Lewis & Short

Parsing inflected forms may not always work as expected. If the following does not give the correct word, try Latin Words or Perseus.

af-for (better adf-), ātus, 1, v. dep. (used only in the

  1. I. pres. indic., but not in first person sing.; in the perf. part., the inf., and in the imper., second person); in gen. only poet.: aliquem, to speak to, to accost, or address one: quem neque tueri contra neque affari queas, Att.ap.Macr. 6, 1: licet enim versibus eisdem mihi adfari te, Attice, quibus adfatur Flamininum ille, *Cic. Sen. 1: aliquem nomine, id. Brut. 72, 253; so id. ib. 3, 13; Verg. A. 3, 492: hostem supplex adfare superbum, id. ib. 4, 424: aliquem blande, Stat. Achill. 1, 251: ubi me adfamini, Curt. 4, 11: adfari deos, to pray to the gods, Att. ap Non. 111, 27; Verg. A. 2, 700: precando Adfamur Vestam, Ov. F. 6, 303: adfari mortuum, to bid farewell to the dead at the burial, to take the last adieu: sic positum adfati discedite corpus, Verg. A. 2, 644.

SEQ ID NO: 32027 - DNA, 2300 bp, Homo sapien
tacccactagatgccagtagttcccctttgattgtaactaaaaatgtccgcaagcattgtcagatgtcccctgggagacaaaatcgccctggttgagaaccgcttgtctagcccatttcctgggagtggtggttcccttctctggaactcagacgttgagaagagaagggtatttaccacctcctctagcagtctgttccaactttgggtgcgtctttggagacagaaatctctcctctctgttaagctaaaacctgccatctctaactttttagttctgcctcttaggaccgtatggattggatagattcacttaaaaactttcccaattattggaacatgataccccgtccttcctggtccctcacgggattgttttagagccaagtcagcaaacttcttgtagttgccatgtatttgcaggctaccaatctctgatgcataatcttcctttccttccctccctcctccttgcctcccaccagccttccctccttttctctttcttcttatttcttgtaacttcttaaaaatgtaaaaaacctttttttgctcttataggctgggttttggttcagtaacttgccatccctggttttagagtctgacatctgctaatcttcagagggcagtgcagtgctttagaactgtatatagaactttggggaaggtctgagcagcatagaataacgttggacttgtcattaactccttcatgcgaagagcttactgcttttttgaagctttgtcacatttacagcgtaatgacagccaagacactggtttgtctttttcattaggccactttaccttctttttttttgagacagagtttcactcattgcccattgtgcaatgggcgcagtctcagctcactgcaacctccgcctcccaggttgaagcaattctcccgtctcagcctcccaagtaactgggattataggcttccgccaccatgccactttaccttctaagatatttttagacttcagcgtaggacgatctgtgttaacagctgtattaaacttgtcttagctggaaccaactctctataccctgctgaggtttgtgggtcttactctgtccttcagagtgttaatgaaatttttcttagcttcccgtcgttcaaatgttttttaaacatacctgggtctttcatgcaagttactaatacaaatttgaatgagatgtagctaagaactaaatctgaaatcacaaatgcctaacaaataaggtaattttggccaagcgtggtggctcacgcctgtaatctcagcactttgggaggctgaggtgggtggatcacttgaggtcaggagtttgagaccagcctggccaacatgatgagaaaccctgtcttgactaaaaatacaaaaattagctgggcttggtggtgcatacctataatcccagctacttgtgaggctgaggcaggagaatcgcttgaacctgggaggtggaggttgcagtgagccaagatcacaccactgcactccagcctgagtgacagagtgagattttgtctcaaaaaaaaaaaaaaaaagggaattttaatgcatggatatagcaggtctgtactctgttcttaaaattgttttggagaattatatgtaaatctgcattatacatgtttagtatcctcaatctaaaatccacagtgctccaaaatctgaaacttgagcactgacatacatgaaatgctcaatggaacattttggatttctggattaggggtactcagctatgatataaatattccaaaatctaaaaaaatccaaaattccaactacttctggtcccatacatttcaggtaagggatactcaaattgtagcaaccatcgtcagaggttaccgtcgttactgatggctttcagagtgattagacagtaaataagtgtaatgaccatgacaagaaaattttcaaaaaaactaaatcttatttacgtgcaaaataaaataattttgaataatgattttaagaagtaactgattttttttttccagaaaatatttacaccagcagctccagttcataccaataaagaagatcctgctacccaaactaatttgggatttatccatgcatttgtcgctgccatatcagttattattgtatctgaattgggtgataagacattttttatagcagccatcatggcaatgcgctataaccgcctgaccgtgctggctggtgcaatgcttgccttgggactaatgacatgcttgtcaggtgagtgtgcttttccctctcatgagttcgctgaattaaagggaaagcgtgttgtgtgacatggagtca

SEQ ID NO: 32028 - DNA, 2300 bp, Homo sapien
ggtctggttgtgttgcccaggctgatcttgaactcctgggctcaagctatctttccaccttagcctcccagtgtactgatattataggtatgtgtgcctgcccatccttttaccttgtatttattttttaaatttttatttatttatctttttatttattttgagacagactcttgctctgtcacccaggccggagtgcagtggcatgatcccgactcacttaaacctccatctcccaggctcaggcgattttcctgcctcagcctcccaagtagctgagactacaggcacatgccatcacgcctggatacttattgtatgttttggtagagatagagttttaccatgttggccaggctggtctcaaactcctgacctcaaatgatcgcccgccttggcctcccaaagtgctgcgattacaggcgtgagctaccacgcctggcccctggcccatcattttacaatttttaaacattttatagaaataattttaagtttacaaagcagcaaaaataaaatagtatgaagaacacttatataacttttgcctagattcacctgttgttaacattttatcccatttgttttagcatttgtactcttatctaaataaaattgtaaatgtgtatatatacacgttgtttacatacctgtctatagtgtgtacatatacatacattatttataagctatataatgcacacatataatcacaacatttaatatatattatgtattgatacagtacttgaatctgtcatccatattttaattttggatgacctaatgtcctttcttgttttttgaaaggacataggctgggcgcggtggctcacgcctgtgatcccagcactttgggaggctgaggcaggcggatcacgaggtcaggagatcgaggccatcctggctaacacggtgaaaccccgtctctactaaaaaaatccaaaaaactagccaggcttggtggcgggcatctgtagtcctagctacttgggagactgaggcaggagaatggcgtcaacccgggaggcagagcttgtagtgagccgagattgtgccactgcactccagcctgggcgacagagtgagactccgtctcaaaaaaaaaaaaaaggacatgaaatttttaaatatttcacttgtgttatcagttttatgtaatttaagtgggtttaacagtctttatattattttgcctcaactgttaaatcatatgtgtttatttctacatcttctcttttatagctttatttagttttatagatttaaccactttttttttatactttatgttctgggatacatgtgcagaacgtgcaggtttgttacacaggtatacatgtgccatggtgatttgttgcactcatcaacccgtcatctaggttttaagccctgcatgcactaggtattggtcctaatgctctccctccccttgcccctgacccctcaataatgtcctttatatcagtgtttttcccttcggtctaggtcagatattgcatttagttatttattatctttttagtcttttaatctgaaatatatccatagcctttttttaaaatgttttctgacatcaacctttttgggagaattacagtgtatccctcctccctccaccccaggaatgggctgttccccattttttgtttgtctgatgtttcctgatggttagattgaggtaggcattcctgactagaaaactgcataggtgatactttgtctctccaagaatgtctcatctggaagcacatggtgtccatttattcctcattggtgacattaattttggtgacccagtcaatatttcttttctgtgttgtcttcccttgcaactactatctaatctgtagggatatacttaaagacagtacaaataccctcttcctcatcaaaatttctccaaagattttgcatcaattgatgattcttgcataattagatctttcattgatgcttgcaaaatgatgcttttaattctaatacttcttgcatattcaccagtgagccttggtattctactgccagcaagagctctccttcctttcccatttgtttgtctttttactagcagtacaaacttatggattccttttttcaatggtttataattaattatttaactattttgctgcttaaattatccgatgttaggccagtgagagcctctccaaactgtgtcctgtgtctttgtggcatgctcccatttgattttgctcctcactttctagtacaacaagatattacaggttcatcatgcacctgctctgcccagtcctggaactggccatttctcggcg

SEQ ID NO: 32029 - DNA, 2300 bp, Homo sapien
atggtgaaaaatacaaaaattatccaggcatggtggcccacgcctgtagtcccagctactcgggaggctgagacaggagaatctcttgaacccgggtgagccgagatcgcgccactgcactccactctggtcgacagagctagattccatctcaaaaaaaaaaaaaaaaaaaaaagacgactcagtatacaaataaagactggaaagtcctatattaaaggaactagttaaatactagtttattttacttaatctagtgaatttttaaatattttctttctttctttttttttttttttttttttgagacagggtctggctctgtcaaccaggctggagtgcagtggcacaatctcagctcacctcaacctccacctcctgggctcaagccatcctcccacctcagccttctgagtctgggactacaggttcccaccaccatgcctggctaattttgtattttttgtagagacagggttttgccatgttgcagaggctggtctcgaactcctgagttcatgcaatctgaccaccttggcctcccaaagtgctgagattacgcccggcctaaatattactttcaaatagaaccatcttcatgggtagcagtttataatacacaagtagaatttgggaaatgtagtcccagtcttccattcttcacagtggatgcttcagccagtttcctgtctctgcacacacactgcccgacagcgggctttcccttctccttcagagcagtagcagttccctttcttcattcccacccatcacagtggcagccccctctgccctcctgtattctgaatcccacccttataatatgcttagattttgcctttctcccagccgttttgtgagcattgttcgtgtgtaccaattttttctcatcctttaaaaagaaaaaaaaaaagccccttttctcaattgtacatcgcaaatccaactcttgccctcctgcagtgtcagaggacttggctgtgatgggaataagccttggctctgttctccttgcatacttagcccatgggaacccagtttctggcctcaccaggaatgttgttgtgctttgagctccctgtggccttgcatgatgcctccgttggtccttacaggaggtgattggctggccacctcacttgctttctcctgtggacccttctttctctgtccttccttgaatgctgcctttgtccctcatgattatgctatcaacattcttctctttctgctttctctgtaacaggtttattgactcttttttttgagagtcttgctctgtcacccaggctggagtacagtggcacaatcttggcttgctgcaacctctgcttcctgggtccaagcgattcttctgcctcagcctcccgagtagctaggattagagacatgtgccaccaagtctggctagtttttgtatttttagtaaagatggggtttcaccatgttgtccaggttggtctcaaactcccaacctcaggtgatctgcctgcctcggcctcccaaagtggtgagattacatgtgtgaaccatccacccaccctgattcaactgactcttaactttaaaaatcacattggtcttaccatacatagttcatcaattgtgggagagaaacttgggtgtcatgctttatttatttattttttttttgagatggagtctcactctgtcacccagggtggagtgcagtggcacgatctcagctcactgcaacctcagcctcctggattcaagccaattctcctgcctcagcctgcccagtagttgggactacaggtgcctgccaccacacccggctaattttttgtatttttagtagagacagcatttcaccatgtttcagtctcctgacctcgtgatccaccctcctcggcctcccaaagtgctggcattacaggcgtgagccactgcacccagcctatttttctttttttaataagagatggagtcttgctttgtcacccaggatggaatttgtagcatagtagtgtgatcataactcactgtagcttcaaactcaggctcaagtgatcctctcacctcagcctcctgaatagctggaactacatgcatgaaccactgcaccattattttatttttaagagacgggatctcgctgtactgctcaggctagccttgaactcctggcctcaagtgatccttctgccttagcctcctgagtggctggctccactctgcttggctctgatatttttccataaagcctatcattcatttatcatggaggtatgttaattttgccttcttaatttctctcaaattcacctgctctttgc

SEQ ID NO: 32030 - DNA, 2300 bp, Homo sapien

So also: adfari extremum, Verg. A. 9, 484.
  2. II. Esp.. in augurial lang., to fix the limits of the auspices: effari templa dicuntur ab auguribus; adfantur qui in his fines sunt, Varr. L. L. 6, § 53 Müll. (where the pass. use of the word should be observed; cf. App. M. 11, p. 265, 39 Elm.).